As you continue your journey towards the center of the Earth, the next and final stage awaits - the solid inner core. Stay tuned for the next section as we uncover the secrets of this mysterious realm at the heart of our planet.
After navigating through the liquid outer core, you have finally reached the ultimate destination - the solid inner core of the Earth. This innermost layer, located beneath the mantle, is a fascinating and mysterious part of our planet.
The solid inner core is primarily composed of iron, with traces of nickel and other elements. It has a diameter of approximately 1,220 kilometers (760 miles), making it about the size of the Moon. Despite being solid, the inner core experiences immense pressure, which causes the iron to remain in a solid state despite its high temperature.
Scientists believe that the intense heat generated by radioactive decay and the immense pressure from the surrounding layers contribute to the solidification of the inner core. This solid ball of iron provides stability to the Earth's rotation and is essential for the magnetic field that protects our planet from harmful solar radiation.
|Temperature||The temperature at the center of the inner core is estimated to reach over 5,500 degrees Celsius (9,932 degrees Fahrenheit), which is hotter than the surface of the Sun.|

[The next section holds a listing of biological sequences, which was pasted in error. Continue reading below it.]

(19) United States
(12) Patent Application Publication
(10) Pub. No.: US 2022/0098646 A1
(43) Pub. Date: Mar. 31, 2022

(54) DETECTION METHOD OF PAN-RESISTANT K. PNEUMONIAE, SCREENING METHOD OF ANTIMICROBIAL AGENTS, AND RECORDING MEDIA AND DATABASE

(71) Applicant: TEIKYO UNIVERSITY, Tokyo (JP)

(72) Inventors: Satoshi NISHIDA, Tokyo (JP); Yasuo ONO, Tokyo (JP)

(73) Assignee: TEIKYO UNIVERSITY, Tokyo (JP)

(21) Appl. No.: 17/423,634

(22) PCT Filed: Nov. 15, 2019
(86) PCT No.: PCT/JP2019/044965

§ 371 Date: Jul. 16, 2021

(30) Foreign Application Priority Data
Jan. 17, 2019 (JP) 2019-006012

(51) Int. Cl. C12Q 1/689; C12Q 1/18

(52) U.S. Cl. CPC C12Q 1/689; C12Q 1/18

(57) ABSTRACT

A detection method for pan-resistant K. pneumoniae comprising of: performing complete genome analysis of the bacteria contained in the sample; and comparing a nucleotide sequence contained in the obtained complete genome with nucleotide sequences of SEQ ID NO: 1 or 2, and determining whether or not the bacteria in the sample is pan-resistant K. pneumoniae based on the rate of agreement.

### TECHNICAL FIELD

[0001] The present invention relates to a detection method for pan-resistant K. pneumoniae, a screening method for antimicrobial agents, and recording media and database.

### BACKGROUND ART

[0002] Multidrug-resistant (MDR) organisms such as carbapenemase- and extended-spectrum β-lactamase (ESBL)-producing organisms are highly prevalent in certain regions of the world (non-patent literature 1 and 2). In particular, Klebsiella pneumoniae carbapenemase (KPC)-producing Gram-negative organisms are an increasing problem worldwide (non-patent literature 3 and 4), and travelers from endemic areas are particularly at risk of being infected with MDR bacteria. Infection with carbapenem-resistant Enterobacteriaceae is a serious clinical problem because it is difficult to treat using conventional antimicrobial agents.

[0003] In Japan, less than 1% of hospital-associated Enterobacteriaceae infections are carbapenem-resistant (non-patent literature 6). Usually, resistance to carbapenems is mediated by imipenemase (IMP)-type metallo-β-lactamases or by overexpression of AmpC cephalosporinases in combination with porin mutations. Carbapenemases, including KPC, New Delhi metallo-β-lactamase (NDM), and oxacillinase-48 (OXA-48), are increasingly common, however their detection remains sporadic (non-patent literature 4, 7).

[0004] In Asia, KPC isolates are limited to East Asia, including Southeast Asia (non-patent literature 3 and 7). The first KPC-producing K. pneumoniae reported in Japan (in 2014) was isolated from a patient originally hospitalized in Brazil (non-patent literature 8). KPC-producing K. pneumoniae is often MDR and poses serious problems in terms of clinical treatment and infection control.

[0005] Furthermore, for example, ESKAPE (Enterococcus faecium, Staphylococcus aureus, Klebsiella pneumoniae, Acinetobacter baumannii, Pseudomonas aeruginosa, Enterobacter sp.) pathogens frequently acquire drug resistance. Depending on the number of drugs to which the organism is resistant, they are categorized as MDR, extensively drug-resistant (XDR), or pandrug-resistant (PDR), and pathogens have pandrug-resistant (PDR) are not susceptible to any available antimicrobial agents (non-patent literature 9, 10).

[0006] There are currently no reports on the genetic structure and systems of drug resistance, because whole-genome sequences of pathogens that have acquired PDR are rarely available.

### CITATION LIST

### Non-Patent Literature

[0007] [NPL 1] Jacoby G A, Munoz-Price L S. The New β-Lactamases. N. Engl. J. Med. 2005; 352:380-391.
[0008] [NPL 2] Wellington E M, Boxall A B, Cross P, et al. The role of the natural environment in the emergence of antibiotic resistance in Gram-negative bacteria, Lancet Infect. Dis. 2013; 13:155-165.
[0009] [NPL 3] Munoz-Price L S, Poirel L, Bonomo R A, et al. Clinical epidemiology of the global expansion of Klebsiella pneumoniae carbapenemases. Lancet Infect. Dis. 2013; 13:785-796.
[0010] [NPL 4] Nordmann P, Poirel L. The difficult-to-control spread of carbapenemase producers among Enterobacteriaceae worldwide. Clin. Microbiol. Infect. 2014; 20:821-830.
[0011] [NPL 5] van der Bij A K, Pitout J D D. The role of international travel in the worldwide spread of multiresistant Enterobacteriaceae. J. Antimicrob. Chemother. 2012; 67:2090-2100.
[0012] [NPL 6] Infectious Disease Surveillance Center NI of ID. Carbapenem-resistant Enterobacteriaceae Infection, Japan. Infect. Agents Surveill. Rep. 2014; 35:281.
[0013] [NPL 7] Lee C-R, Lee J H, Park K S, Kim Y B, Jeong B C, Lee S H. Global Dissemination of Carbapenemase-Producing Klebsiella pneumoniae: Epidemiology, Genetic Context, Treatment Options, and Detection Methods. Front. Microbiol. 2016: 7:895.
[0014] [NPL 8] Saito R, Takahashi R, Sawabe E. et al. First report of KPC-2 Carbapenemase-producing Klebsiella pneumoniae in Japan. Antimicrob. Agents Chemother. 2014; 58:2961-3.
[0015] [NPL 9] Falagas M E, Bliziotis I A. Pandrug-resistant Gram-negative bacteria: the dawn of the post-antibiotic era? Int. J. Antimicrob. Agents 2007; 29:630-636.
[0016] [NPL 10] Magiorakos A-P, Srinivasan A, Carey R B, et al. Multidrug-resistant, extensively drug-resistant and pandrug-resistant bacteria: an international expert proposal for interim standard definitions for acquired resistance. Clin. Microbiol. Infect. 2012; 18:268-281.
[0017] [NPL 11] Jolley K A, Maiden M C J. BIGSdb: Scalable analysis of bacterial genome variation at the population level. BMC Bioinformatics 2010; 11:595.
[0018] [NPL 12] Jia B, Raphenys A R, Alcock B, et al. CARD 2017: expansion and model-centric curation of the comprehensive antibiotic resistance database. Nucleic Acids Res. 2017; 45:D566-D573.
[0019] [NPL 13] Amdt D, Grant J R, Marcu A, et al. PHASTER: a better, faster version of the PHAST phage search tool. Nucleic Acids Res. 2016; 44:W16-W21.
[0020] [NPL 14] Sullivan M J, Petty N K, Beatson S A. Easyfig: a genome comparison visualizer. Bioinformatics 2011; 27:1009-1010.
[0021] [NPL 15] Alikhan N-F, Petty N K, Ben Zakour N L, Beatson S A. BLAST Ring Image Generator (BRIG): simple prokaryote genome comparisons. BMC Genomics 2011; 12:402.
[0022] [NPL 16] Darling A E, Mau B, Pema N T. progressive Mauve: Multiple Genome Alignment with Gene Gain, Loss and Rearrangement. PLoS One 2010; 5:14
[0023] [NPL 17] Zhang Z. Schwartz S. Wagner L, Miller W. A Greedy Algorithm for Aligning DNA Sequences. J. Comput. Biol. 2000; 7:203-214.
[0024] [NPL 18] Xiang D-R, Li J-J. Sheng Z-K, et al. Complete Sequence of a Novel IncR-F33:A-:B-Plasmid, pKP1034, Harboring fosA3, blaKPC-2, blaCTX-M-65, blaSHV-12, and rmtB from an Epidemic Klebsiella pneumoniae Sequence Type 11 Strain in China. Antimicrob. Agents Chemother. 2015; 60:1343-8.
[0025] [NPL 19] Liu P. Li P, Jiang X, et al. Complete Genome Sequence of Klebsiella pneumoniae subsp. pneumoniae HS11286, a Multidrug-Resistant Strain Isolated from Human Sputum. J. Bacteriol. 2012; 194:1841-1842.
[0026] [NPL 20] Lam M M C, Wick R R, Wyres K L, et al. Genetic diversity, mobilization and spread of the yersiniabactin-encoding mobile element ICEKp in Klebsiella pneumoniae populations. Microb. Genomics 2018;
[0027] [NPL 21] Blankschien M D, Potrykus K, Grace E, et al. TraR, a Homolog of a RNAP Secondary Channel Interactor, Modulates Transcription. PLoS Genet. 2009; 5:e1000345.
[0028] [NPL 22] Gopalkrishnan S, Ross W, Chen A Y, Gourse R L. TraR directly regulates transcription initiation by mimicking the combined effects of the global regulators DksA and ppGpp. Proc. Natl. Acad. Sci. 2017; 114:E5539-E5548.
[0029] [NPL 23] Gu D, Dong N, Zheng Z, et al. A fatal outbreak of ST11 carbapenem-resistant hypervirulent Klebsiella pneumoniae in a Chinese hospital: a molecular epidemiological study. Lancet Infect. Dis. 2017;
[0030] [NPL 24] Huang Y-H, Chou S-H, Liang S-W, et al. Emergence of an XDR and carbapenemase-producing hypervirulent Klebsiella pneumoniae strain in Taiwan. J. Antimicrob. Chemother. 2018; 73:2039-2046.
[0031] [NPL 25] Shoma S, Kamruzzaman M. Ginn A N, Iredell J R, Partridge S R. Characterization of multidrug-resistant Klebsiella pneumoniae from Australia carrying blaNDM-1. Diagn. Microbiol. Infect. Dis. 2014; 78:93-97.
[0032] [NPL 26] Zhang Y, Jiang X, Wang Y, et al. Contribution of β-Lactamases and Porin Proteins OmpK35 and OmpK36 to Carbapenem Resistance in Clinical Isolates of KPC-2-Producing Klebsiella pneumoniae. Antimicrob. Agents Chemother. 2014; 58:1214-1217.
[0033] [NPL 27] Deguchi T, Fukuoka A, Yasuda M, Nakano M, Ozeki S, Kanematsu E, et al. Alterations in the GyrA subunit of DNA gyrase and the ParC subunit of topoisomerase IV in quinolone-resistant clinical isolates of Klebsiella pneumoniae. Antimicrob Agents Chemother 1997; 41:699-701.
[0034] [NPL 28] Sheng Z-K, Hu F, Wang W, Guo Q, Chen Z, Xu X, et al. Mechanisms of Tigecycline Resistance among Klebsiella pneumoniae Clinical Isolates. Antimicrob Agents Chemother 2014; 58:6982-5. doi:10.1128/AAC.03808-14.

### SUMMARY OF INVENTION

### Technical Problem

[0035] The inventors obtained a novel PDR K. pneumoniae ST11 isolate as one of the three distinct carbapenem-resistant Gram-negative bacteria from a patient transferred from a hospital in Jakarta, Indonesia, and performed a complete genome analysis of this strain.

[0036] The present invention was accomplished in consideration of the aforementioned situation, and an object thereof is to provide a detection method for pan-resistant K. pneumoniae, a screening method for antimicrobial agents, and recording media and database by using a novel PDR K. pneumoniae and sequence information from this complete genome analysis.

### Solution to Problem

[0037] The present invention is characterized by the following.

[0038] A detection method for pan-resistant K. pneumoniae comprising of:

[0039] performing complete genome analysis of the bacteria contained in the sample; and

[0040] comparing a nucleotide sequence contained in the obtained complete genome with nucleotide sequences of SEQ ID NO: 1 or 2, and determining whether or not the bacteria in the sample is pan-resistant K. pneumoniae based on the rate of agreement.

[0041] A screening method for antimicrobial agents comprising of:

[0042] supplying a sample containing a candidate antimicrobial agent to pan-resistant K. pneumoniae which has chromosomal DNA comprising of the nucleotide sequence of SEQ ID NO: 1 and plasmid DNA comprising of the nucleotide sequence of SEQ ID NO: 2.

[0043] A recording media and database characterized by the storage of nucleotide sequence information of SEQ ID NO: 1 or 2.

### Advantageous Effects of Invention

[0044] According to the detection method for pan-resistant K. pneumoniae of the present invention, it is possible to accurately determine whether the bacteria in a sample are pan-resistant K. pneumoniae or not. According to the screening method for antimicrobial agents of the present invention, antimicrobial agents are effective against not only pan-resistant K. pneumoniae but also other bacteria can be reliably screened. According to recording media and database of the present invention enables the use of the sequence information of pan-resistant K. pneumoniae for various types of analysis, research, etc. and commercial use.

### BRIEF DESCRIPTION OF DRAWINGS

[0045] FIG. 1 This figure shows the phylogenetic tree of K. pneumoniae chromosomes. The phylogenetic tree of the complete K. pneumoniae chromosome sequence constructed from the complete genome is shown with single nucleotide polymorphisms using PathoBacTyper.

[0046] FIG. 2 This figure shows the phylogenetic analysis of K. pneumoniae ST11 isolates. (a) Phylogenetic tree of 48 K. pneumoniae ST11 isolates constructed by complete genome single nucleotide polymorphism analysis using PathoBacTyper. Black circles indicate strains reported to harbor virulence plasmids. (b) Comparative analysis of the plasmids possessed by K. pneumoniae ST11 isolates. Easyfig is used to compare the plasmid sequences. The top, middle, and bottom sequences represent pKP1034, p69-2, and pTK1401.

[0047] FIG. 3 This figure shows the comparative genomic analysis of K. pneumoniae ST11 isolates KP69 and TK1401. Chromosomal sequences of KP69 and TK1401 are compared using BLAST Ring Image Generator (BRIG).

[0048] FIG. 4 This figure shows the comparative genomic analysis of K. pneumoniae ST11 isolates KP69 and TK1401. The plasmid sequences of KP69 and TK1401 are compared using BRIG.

|Pressure||The pressure at the center of the inner core is estimated to be around 3.6 million times greater than atmospheric pressure.|
|Crystalline Structure||The inner core is believed to have a crystalline structure, with the iron atoms arranged in a highly ordered pattern.|
Studying the solid inner core provides valuable insights into the Earth's formation, evolution, and dynamics. By analyzing seismic waves and their behavior as they pass through this layer, scientists can gain a deeper understanding of the Earth's interior and how it influences geological processes on the surface.
Reaching the solid inner core marks the culmination of an incredible journey through the layers of our planet. As we continue to explore and uncover the hidden mysteries within Earth's core, we unlock knowledge that helps us comprehend the past and shape the future of our planet.
Now that you have journeyed through Earth's layers, a world of hidden mysteries and fascinating phenomena awaits your discovery. As you delve deeper into the core of our planet, you will uncover the secrets that shape our world and hold the key to understanding its past and future.